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January 25, 2013

House Ag Committee Approves Bills Clarifying Derivatives Legislation

By Lene Powell, J.D.

At a markup session of the House Committee on Agriculture presided over by Chairman Frank Lucas (R-OK) and Ranking Member Collin Peterson (D-MN), the full committee reported favorably a number of bills that would clarify various facets of derivatives legislation adopted by Title VII of the Dodd-Frank Wall Street Reform and Consumer Protection Act.

Chairman Lucas noted that the Ag Committee has held seven hearings over the past year on the implementation of the Dodd-Frank Act. He said that Dodd-Frank had made using derivatives too expensive. Farmers and energy companies might not be able to hedge, manufacturers might have to alter business models, and community banks might have to stop using interest rate swaps. The House had a chance to fix that by making some "tweaks," he said.

Ranking Member Peterson said legislation was premature until the CFTC final rules were complete. So far, it's safe to say that CFTC has done a pretty good job, said the congressman.

The bills all had broad bipartisan support.

H.R. 1840: CFTC cost-benefit analysis. A bill that would require the CFTC to engage in more thorough cost-benefit analysis during the rulemaking process was reported favorably to the House through substitute amendment.

H.R. 1840 would amend the Commodity Exchange Act section concerning cost-benefit analysis by the CFTC to require both qualitative and quantitative cost-benefit analysis. The amendment would specifically require the Office of the Chief Economist to conduct the analysis, and would permit the CFTC propose or adopt a regulation only if the agency makes a reasoned determination that the benefits justify the costs. In addition, the amendment lists additional mandatory considerations for the CFTC to evaluate in making a reasoned determination of the costs and the benefits, including the impact on market liquidity in the futures and swaps markets, as well as alternatives to direct regulation.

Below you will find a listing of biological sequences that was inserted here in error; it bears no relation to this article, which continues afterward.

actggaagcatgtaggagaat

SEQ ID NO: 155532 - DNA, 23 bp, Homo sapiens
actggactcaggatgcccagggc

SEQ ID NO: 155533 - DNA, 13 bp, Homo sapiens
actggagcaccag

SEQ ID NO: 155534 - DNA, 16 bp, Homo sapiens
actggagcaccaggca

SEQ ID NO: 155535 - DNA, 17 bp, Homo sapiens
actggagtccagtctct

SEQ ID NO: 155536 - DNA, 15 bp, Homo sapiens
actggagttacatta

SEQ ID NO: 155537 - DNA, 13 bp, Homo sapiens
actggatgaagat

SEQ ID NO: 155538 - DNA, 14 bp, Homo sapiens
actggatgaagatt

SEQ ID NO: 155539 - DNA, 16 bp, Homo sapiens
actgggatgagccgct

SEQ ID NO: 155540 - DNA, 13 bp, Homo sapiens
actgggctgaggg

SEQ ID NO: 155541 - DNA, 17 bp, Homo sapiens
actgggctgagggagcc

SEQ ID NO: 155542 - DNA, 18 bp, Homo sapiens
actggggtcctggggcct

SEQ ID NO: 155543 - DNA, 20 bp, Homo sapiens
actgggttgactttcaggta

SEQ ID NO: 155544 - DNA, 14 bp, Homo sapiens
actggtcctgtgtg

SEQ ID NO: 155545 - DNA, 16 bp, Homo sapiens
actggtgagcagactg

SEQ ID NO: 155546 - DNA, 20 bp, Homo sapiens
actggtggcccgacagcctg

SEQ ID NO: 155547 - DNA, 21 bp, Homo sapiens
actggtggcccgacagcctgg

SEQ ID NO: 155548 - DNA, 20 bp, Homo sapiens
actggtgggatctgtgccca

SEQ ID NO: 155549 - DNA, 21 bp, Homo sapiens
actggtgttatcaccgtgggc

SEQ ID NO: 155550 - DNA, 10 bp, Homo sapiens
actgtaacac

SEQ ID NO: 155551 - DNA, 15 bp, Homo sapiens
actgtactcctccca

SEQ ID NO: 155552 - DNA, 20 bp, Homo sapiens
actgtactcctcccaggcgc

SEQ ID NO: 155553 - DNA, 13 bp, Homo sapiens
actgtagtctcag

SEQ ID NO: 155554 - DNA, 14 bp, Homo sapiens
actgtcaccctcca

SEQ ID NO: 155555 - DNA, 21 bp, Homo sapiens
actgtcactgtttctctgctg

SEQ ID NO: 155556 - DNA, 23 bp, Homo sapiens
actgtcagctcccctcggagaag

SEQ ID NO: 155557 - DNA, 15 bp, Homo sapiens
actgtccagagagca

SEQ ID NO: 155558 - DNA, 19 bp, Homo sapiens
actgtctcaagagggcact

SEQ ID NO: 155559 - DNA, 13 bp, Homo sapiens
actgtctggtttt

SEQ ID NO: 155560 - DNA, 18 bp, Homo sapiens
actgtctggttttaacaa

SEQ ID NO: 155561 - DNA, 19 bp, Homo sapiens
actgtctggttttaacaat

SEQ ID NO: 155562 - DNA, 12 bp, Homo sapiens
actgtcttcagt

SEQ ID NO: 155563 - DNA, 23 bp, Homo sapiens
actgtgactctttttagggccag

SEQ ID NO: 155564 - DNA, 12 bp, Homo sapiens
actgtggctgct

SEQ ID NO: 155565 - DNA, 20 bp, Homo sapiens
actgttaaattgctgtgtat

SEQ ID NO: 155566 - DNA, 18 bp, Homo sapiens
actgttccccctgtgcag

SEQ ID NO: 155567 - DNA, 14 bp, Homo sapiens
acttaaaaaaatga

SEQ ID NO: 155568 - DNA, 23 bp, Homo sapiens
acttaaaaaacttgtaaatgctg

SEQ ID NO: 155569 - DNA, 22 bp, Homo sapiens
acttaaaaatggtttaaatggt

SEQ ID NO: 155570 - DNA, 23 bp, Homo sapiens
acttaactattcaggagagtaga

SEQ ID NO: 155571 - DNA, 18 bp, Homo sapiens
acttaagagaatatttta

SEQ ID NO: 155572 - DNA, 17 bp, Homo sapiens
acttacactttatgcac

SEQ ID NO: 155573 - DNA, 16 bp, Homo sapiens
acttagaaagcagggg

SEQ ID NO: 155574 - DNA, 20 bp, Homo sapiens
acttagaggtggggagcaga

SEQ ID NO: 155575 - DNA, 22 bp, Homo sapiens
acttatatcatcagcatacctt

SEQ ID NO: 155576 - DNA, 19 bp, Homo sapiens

Rep. Michael Conaway (R-TX), the bill's sponsor, clarified that the change was prospective only, and would not affect any rulemaking currently in progress.

H.R. 3336: Small Business Credit Availability Act. A bill that would exclude a number of financial entities from the definition of "swap dealer" and "major swap participant" was reported favorably to the House via substitute amendment.

The bill would amend the Commodity Exchange Act to exclude from regulation as a swap dealer an insured depository institution, or a U.S. uninsured branch or agency of a foreign bank that has a prudential regulator. In addition, the amended bill permits designation of a person as a swap dealer for a single type, class, or category of swap or activity, and yet allows the person not to be considered a swap dealer for other types, classes, or categories of swaps or activities.

The bill would also exclude from the definition of "swap dealer" a person that enters into swaps for such person's own account if the swaps meet one of a number of conditions, including hedging commercial risk or complying with governmental regulations. Further, it excludes various small financial institutions, including small banks and credit unions, from the definition of "financial entity" if the certain aggregate exposure with respect to its swaps does not exceed $1 billion. This would exempt the entities from the clearing requirement. Finally, the measure excludes certain captive finance entities from the definition of "major swap participant" and from the swap clearing requirement.